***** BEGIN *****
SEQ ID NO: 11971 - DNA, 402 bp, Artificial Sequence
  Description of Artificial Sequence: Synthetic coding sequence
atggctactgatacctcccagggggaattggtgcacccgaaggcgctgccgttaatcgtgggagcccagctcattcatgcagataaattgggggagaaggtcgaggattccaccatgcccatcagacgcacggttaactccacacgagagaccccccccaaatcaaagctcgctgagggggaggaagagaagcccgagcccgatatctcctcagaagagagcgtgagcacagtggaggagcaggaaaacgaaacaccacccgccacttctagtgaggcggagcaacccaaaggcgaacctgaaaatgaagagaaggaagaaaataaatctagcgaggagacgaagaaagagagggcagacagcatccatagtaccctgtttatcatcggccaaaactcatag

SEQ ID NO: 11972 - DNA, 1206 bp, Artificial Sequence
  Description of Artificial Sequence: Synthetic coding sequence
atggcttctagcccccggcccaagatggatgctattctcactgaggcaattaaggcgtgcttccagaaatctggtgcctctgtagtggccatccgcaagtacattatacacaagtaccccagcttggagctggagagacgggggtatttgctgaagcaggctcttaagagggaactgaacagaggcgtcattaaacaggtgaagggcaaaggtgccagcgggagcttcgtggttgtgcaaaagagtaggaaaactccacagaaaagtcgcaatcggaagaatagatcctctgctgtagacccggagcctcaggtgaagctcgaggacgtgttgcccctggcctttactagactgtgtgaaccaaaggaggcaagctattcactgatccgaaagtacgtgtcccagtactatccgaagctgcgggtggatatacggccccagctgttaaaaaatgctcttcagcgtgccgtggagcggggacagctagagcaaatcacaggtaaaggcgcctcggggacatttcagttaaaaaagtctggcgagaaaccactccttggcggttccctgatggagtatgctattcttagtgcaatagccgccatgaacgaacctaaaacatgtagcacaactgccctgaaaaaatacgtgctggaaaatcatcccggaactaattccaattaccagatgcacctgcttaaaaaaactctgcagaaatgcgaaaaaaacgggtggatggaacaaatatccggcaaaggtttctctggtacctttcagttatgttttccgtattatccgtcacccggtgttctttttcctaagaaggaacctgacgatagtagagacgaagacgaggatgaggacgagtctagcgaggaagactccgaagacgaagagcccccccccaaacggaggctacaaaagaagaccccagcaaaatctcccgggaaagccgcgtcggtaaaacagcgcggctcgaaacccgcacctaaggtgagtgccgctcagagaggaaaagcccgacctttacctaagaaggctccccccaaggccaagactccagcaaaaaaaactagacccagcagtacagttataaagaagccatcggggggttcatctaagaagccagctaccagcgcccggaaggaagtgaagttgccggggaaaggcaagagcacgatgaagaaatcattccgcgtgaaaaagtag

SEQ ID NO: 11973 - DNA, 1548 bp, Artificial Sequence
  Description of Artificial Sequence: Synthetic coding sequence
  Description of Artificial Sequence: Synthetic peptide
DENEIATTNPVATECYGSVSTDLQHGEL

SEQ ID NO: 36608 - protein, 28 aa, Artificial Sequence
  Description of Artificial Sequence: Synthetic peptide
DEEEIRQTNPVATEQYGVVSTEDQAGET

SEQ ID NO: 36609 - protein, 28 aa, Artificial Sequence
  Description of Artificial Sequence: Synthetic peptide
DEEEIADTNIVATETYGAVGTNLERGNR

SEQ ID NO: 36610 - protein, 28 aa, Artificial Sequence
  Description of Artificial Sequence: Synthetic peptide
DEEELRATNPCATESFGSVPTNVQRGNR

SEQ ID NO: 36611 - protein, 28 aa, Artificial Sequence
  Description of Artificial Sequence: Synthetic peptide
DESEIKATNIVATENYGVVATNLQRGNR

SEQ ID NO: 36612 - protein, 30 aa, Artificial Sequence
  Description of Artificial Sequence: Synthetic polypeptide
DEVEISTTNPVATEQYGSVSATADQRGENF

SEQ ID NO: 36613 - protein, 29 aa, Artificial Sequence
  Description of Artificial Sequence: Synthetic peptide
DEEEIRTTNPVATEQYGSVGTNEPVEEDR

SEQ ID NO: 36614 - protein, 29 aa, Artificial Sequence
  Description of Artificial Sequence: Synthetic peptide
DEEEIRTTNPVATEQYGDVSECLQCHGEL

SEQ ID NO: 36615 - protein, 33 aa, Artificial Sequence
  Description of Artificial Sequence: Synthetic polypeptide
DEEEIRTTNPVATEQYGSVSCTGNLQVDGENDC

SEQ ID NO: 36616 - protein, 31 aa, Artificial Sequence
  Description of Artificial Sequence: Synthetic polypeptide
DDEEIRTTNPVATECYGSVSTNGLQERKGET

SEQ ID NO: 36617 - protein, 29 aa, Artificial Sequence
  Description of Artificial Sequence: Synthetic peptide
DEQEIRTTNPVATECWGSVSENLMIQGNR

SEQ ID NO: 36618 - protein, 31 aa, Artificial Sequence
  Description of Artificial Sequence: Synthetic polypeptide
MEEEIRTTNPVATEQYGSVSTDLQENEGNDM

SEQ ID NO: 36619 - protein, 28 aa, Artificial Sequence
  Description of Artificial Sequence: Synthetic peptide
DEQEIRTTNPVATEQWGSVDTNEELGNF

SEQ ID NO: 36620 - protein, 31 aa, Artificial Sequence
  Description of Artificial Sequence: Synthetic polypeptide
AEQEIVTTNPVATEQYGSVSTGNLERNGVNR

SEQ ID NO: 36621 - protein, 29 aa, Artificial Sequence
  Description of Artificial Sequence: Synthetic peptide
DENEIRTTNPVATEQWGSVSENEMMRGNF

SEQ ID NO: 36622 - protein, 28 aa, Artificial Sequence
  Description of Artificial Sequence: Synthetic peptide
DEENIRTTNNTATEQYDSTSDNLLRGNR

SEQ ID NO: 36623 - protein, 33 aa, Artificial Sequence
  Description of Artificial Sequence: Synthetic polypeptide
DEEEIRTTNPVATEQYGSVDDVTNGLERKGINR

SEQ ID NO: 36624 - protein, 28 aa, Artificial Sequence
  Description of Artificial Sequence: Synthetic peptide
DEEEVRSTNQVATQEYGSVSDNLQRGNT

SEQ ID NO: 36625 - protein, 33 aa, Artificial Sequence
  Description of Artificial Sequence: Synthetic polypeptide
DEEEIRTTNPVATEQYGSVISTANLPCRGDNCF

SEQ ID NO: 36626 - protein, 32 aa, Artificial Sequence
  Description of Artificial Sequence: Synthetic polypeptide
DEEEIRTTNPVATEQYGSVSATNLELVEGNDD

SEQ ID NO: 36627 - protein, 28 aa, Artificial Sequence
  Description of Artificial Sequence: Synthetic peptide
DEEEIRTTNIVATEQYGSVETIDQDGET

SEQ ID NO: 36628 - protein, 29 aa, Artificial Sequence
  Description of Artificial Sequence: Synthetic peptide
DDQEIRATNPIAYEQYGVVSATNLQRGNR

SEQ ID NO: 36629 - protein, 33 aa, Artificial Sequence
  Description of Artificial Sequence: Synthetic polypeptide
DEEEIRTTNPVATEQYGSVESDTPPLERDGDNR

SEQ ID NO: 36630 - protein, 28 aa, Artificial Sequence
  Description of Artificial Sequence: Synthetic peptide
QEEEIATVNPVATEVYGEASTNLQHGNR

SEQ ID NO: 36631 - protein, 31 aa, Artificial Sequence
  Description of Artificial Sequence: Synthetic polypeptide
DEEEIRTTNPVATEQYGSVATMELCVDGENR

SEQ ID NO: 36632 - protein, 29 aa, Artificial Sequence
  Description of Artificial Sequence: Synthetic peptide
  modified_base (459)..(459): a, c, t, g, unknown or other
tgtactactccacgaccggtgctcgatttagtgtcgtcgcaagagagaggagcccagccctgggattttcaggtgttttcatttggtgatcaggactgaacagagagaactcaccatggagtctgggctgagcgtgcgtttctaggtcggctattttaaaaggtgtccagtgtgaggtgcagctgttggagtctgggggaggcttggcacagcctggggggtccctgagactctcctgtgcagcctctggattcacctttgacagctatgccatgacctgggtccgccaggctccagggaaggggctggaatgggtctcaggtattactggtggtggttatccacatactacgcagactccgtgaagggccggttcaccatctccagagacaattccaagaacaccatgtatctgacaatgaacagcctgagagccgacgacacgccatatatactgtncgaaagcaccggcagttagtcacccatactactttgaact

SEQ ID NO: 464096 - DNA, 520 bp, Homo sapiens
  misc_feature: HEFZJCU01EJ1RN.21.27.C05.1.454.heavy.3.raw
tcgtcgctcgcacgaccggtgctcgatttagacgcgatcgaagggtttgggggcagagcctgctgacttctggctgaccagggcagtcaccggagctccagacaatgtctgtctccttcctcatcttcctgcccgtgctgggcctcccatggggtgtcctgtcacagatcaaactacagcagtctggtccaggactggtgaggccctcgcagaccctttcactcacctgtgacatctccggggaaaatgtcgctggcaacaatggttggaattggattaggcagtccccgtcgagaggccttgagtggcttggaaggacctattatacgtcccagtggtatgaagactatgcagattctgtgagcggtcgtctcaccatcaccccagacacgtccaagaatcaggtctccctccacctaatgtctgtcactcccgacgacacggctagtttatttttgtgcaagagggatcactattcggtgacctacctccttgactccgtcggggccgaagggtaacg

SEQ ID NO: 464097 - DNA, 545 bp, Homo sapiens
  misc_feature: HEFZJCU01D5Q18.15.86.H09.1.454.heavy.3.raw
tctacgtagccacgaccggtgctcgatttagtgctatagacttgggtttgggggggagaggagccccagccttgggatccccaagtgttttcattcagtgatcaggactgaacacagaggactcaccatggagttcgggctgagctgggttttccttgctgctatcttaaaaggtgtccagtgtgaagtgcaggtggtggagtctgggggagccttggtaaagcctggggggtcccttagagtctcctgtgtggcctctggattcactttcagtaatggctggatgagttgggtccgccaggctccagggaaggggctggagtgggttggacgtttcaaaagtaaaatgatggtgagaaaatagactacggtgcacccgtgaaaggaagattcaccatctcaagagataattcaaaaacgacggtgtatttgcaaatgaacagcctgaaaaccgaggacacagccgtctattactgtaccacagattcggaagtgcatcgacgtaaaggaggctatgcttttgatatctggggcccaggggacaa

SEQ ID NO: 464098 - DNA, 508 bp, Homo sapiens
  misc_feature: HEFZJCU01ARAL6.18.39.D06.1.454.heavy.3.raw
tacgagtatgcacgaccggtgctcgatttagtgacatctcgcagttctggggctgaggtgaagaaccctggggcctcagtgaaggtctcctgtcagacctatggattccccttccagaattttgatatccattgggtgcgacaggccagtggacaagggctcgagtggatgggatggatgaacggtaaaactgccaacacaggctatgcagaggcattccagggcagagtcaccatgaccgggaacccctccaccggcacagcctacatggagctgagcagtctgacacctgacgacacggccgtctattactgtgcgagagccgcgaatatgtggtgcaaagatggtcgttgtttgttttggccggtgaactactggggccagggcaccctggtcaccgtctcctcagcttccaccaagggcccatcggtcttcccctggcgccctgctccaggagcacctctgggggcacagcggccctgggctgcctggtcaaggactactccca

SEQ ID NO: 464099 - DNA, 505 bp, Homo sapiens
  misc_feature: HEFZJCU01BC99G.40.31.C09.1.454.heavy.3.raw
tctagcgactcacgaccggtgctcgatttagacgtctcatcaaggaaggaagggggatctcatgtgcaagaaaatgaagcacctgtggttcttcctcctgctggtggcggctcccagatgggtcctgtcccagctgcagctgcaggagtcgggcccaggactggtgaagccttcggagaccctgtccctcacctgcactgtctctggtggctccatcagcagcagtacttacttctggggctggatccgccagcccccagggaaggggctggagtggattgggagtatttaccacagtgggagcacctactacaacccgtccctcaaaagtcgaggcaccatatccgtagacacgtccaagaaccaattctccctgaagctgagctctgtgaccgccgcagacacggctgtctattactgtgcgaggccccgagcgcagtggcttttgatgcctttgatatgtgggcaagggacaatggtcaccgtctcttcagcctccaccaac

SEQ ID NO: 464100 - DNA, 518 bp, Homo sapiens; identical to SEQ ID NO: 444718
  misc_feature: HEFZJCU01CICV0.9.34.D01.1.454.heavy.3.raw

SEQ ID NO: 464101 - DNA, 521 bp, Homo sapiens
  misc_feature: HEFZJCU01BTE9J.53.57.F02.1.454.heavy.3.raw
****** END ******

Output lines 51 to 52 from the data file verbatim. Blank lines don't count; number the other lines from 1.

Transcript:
  Description of Artificial Sequence: Synthetic peptide
DENEIRTTNPVATEQWGSVSENEMMRGNF